Locker-room tales drive away golf club officials
Tuesday 28 June 1994
Its chairman, Walter Hepworth, 71, has gone, fed up with verbal abuse on the greens from elderly players in Agassi-style forage caps; so has its president Ron Baker, 71 and a member for 57 years, after Harry Austin, captain of the 570-member club, opened his locker door to a cascade of orange peel and drink tins.
The catalyst for the feud was the resiting of the 14th and 15th greens after landslides carried away a public footpath and forced walkers to detour from the 50ft cliff and obstruct the fairways. Dorset County Council bought a swath of club land to rebuild the path. The row that followed was over the realignment of the course.
One faction of the pounds 300-a- year club wanted to reinstate two practice holes, the 2nd and 3rd greens, transferring practice activities to a new field. Rivals said the club should keep the old practice greens and restore a green, the 17th, abandoned 12 years ago.
'And that's where it all tumbled down like a pack of cards,' one member said yesterday. 'As with everything else in a members-only voluntarily-run club, there's always undercurrents of dissent and everything else. The president and chairman resigned because it was getting pretty personal and basically they'd had enough. Then this anonymous letter arrived on the club board along with their resignation letters . . . what it inferred was that both men were incapable of solving the problem. Some members thought the new practice greens, which are 200 yards away across a main road, were less than ideal.'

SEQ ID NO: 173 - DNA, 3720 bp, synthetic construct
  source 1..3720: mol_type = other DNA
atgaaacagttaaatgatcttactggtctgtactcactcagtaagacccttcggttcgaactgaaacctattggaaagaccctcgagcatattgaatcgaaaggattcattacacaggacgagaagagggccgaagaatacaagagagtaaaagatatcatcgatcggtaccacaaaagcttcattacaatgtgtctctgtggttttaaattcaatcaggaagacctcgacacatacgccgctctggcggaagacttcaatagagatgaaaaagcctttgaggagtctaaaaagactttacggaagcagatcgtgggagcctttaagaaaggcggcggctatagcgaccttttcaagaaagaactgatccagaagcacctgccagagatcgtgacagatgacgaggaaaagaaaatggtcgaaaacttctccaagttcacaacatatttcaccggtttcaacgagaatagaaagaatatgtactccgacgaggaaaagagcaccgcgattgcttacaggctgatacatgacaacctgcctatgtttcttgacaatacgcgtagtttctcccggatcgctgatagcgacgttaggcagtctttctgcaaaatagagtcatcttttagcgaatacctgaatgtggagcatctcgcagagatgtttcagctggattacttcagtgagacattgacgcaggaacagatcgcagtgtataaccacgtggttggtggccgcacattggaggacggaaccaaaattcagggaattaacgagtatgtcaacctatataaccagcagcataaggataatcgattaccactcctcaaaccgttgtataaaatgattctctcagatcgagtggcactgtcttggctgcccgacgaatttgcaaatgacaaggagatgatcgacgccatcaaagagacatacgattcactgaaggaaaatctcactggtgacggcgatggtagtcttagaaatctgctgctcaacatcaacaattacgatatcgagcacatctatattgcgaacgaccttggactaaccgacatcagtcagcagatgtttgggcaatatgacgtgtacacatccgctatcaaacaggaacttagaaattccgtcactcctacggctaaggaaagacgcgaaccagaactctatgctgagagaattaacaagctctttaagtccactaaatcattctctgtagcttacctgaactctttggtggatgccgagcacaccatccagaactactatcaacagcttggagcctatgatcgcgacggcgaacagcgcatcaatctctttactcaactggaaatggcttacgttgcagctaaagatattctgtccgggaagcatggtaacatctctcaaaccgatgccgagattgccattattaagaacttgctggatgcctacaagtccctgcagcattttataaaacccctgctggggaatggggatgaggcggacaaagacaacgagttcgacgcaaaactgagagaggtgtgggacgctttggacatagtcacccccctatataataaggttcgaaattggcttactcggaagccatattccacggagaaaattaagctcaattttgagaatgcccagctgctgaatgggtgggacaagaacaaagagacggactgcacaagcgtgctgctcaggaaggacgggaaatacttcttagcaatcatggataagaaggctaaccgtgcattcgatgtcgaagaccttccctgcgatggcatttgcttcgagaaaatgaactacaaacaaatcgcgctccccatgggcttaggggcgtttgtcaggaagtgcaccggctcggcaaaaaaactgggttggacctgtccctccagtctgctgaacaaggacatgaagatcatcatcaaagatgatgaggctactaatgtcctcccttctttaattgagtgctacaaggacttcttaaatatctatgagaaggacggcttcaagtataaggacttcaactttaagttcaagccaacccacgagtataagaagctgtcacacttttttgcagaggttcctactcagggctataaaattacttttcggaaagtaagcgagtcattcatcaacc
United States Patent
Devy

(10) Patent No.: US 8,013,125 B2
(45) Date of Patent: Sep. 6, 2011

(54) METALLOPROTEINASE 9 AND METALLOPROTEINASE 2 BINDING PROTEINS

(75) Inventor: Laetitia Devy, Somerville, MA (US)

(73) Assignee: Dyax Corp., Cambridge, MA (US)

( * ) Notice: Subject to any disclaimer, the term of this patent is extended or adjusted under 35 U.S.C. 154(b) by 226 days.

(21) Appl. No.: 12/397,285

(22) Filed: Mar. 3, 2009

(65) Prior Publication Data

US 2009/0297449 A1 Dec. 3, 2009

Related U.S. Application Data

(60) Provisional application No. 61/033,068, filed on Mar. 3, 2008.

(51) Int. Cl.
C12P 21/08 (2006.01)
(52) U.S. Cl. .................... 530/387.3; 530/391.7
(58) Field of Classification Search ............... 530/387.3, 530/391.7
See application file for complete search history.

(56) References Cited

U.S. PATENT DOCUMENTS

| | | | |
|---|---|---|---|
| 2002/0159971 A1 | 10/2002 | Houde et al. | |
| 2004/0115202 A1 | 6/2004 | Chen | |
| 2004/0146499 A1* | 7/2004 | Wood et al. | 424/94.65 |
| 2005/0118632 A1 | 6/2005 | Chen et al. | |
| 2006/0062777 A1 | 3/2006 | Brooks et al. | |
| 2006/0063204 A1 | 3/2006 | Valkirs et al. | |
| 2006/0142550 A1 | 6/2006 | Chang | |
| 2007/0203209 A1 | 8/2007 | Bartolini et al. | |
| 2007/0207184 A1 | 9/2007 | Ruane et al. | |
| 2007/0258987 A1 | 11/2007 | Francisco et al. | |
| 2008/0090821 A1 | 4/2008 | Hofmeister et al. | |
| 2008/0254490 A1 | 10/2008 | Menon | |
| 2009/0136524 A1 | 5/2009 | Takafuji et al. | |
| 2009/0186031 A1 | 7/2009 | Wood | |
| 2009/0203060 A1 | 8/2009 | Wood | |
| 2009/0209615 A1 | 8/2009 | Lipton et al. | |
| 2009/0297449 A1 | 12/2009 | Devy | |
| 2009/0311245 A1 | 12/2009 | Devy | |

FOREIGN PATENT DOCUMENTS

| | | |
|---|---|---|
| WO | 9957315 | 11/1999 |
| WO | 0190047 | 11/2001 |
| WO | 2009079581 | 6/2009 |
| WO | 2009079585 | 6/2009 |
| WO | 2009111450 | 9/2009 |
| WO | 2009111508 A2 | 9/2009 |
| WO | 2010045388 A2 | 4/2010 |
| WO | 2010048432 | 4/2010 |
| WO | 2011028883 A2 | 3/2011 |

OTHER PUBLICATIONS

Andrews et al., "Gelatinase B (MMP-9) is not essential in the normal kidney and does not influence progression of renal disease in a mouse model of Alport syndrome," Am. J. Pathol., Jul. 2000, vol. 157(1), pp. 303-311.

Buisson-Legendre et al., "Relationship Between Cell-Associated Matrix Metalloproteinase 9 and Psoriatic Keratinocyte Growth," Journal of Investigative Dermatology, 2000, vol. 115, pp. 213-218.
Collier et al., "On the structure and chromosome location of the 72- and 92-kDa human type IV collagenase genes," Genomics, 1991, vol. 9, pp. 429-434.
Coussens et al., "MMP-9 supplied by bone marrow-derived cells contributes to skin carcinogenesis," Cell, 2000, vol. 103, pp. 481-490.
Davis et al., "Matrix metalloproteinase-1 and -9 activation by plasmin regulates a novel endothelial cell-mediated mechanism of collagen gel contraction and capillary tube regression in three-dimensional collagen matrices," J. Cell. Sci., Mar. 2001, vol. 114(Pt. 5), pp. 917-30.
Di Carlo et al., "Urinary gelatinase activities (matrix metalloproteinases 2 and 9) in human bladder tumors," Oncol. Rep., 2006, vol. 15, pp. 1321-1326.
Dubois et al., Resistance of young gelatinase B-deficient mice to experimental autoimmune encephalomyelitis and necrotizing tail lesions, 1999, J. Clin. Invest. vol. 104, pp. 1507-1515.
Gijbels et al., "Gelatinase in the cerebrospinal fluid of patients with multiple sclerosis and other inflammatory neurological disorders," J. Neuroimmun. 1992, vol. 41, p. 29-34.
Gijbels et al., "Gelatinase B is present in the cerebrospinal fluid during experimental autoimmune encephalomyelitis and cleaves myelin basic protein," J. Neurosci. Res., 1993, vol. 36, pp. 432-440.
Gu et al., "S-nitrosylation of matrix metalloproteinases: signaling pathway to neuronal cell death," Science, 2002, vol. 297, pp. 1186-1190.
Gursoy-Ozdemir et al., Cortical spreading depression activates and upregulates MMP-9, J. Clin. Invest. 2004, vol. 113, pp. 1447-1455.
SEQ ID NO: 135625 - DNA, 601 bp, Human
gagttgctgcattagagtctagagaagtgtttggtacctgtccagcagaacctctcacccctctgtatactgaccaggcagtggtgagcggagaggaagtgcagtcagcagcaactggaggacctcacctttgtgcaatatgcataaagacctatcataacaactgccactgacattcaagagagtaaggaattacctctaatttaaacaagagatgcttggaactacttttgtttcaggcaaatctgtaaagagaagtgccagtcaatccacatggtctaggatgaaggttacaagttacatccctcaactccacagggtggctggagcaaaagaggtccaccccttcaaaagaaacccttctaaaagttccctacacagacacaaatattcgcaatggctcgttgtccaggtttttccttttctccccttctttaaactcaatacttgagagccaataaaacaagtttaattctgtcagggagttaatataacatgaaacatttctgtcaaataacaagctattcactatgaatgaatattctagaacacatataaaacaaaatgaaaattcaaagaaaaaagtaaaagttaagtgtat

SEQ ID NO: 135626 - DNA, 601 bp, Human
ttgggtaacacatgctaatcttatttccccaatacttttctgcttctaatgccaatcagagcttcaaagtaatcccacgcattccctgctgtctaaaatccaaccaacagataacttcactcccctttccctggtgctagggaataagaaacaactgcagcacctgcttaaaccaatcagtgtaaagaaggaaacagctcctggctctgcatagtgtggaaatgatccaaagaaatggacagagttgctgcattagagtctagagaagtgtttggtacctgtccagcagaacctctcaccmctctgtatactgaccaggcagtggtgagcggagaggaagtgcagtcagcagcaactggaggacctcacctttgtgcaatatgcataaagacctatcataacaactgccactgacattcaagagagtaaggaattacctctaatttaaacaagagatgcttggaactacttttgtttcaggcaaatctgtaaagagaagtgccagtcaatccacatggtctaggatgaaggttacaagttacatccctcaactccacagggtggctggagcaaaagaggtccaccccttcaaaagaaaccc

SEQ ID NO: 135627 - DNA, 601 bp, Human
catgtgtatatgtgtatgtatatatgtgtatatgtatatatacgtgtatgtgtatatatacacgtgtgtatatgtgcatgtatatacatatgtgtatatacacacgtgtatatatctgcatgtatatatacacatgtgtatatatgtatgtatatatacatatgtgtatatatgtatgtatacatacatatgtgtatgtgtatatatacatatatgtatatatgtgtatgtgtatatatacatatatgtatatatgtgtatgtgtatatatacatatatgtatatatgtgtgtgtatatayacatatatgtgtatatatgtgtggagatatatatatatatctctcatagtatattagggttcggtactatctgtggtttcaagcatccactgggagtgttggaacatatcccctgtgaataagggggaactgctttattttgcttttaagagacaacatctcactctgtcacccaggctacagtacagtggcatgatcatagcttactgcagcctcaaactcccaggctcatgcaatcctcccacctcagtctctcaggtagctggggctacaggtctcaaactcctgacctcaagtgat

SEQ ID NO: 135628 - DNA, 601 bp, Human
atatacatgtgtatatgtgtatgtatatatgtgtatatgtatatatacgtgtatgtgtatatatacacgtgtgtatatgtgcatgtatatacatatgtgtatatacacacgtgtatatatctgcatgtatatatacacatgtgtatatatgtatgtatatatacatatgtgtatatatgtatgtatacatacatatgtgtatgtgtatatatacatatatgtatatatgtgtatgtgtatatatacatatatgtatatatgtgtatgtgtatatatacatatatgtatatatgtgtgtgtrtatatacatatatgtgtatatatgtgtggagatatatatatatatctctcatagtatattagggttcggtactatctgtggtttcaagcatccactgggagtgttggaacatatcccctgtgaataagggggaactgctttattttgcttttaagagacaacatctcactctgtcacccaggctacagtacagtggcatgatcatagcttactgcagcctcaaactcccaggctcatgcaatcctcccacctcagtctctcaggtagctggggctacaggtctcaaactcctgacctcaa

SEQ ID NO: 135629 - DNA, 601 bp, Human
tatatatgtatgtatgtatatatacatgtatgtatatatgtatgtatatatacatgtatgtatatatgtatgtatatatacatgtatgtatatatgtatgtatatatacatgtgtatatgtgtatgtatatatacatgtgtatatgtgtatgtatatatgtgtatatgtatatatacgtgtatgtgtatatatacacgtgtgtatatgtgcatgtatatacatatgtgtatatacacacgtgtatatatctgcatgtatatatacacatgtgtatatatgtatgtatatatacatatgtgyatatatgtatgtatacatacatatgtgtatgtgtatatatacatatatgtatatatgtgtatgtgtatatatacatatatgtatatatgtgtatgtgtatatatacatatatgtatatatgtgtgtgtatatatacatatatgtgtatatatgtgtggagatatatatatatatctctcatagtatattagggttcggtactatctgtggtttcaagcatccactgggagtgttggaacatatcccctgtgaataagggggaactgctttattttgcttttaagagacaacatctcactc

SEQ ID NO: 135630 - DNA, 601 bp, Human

The old practice greens were in sight of the club house and there was some concern for the safety of the ladies practising there on their own. But the thing that really aggravated it was our beautiful new club house opened only a month ago. During the winter we'd been living in Portakabins which was less than ideal in terms of socialising.
'If only you'd had that nice big new lounge I suspect it wouldn't have gone as far as it did. And, of course, in that sort of environment there's always people in a club who don't actually want to go on committees, but think they can run it better.'
Club members were disinclined to discuss the dispute yesterday. Eventually the club secretary told the Independent to leave.
The outgoing chairman and president, who will be replaced at the annual meeting in October, were equally reticent. 'We don't want to say anything to the papers,' Mr Hepworth said. 'We feel it's an internal affair.'
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